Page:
Moving Pictures examines the Hollywood career of Karl Struss (1886-1981), a pioneering artist of both still and moving images who reached the highest levels of success in both fields. It tells a multimedia story through photographs, films, and archival objects of how he transitioned from an acclaimed fine art photographer to a leading Hollywood cinematographer. The publication focuses on the thirty years between 1919, when Struss first started working in Hollywood, and the late 1940s, when the breakup of the studio system remade Hollywood.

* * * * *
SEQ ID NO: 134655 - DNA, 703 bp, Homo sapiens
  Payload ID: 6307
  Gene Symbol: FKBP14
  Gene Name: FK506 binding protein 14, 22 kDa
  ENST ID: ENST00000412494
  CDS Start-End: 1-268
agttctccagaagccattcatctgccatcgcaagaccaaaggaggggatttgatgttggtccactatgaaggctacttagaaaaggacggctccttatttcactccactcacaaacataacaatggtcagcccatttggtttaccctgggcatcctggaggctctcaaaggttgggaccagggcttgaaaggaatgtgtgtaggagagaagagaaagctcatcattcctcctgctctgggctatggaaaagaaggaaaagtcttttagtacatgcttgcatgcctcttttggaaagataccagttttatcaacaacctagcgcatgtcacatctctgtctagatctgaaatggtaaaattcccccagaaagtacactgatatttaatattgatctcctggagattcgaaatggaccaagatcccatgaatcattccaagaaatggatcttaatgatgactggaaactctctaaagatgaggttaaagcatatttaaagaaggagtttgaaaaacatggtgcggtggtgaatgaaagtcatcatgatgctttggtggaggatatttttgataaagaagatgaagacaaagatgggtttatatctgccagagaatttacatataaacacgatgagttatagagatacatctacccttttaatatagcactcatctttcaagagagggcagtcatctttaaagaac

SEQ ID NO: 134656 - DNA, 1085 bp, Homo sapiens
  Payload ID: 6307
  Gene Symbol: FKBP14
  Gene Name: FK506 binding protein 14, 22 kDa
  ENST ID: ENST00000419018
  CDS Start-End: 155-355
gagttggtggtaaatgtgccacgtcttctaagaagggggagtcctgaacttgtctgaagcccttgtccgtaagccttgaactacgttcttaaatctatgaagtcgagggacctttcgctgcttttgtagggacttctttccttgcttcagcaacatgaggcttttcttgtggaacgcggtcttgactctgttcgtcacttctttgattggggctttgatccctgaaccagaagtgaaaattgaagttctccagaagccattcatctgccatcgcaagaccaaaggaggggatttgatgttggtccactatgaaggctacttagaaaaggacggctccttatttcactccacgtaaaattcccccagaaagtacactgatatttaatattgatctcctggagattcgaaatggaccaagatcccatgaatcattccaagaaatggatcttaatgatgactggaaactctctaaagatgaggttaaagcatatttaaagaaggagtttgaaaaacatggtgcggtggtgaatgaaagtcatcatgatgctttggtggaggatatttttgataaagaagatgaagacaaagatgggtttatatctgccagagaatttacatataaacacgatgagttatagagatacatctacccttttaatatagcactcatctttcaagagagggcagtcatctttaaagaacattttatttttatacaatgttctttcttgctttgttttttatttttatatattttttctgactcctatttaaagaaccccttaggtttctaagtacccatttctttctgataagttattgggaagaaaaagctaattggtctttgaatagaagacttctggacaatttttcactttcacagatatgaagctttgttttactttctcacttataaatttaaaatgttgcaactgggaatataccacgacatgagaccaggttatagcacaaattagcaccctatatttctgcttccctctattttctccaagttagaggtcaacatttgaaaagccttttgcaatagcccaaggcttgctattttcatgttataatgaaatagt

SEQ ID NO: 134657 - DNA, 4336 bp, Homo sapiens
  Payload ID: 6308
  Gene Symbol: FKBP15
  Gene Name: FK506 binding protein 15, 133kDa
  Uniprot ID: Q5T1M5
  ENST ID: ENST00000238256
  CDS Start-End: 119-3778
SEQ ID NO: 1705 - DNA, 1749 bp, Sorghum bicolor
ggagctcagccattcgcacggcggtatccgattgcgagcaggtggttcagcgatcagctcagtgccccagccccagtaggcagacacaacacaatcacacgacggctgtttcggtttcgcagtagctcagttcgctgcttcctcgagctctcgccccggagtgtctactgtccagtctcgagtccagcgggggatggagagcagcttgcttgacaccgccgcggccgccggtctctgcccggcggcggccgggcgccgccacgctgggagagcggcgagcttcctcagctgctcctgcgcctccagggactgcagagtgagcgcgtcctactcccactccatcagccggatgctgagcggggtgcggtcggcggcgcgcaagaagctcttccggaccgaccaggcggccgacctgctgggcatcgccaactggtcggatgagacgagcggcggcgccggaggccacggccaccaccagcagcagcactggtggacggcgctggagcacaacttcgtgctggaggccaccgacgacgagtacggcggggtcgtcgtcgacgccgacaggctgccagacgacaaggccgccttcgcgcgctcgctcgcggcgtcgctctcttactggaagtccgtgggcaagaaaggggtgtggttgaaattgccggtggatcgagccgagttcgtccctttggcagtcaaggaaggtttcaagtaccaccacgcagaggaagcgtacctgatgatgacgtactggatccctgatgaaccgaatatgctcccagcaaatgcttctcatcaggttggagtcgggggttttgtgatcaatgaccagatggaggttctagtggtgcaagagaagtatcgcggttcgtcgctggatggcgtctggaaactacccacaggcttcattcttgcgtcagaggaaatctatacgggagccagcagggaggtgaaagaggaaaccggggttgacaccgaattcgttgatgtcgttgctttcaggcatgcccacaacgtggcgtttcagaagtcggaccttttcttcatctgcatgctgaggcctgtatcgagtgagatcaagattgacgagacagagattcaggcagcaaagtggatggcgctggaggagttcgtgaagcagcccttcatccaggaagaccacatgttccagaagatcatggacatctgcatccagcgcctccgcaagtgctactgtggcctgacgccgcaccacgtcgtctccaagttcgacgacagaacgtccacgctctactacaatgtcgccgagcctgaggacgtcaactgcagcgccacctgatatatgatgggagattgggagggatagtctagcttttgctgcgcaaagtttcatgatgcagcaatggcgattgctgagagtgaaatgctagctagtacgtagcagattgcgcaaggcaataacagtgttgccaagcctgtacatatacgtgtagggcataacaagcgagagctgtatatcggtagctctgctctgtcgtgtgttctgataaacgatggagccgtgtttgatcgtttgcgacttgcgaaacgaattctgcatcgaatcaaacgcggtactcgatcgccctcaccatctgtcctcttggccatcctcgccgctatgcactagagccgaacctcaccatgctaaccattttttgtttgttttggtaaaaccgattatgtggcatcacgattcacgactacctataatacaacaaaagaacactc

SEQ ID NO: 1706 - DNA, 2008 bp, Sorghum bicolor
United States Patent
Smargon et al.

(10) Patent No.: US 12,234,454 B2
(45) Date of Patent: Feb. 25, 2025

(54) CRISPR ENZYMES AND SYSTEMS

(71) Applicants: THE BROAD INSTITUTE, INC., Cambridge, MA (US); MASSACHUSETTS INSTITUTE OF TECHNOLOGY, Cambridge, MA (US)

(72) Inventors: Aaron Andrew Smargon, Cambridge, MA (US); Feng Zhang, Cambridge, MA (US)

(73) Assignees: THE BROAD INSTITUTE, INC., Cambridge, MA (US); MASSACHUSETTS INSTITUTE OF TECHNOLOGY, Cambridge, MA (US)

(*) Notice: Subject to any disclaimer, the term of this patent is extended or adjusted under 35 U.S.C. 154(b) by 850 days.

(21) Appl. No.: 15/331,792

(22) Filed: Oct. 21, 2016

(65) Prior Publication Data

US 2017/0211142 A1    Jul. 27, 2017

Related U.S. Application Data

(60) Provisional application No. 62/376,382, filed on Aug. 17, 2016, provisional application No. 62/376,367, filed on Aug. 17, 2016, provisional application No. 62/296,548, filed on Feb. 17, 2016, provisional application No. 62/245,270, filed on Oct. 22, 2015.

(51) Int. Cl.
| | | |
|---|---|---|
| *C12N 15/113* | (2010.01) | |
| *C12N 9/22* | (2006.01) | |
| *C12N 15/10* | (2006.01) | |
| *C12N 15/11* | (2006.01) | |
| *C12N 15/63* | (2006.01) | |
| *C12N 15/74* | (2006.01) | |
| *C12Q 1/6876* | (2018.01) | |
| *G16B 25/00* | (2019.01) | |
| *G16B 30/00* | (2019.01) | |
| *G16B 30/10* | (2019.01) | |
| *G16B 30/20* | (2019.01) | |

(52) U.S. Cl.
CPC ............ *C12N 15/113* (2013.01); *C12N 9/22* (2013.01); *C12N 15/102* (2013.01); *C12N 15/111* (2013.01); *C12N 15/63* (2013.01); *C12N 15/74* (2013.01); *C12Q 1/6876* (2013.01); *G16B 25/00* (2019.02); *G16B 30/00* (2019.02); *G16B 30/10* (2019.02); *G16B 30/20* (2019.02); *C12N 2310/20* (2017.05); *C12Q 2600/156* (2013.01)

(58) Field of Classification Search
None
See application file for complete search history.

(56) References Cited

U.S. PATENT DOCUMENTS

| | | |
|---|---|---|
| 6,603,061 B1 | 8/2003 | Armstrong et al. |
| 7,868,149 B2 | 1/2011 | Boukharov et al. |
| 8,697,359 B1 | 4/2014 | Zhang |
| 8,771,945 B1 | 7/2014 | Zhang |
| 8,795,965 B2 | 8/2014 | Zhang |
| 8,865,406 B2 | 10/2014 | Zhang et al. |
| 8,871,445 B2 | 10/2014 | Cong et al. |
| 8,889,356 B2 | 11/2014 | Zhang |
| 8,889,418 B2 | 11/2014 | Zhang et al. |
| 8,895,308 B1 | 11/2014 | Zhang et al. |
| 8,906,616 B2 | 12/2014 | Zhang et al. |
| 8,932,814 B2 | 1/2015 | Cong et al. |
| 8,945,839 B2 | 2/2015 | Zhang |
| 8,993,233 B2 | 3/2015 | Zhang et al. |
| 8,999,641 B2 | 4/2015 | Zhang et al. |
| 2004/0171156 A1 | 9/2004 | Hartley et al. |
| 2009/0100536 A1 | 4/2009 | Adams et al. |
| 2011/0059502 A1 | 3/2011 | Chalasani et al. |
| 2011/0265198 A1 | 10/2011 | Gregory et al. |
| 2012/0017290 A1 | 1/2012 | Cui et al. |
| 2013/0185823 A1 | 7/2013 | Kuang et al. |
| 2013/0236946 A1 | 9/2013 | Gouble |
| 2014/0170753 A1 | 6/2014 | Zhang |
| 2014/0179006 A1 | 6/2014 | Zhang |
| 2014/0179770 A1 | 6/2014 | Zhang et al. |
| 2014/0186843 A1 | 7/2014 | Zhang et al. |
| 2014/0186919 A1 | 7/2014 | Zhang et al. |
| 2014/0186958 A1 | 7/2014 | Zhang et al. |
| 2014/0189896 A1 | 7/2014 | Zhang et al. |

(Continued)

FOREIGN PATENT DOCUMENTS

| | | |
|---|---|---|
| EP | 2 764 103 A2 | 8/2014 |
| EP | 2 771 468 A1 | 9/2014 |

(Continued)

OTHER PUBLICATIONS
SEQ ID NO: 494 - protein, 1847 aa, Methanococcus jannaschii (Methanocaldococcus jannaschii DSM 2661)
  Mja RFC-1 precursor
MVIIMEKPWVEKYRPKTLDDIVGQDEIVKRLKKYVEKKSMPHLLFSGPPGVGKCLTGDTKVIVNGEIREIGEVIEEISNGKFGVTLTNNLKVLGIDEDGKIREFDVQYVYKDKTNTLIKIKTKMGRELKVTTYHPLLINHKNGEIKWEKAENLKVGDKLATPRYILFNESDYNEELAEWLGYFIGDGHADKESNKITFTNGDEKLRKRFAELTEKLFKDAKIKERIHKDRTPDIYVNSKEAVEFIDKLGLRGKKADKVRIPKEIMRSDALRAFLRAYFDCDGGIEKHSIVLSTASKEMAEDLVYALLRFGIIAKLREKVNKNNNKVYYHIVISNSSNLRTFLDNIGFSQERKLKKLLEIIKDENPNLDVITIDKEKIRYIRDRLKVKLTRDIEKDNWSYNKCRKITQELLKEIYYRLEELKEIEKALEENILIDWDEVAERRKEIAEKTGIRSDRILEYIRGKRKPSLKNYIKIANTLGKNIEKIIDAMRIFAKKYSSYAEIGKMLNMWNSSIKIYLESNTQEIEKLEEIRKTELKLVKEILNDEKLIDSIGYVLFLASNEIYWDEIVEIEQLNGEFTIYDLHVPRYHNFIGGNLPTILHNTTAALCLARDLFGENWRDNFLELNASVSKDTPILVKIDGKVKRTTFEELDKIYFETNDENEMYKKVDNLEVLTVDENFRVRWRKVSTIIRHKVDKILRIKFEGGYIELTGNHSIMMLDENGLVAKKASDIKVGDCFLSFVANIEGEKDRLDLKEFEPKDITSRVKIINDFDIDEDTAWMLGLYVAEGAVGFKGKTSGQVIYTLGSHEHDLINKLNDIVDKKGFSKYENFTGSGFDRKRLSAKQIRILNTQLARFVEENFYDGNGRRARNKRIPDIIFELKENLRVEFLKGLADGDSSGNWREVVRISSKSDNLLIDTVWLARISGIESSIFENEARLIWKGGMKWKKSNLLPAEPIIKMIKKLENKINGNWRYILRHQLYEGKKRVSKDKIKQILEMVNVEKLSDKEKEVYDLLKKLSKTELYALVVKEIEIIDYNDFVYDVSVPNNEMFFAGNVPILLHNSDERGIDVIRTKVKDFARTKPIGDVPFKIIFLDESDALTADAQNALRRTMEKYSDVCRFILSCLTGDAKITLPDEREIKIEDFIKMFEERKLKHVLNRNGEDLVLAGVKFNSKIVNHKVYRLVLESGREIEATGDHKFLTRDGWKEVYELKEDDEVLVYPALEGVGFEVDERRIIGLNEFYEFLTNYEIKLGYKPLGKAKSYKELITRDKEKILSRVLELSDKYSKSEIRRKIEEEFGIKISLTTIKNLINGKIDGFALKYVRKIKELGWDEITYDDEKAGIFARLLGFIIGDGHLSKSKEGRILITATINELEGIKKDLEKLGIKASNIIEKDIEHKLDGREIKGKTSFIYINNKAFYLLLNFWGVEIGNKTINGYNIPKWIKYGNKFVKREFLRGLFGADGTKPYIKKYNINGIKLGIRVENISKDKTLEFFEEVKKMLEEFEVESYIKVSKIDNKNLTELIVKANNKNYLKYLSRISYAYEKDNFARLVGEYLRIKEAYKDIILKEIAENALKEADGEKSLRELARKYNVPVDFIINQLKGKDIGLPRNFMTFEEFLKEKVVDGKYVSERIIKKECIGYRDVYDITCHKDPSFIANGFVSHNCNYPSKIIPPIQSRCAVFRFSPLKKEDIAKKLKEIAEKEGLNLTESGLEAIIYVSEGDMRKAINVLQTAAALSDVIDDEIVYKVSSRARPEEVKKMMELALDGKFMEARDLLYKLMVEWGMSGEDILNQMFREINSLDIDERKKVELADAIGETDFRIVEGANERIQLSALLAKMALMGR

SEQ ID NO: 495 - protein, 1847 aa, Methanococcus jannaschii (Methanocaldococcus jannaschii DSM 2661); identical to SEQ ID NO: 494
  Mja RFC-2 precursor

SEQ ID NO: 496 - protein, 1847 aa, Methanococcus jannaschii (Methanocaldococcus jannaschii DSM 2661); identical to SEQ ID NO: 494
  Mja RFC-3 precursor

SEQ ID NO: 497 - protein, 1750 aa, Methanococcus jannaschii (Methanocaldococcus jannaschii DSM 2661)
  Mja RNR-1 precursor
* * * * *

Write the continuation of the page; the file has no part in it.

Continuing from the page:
Finally, Moving Pictures will explore Struss’s cinematography in the two decades after Sunrise, an era of seismic changes in the film industry that witnessed the introduction of sound and colour film, the solidification and then breakup of the studio system, and the postwar rise of television. In these years, he earned an additional three Oscar nominations and established collaborative relationships with some of Hollywood’s biggest directors and stars like Charlie Chaplin and Mary Pickford. The publication ends in 1951, when Struss starred as “the cinematographer” in the Academy of Motion Picture Arts and Science’s eponymous short film, a sign that he had become Hollywood’s archetypal cameraman.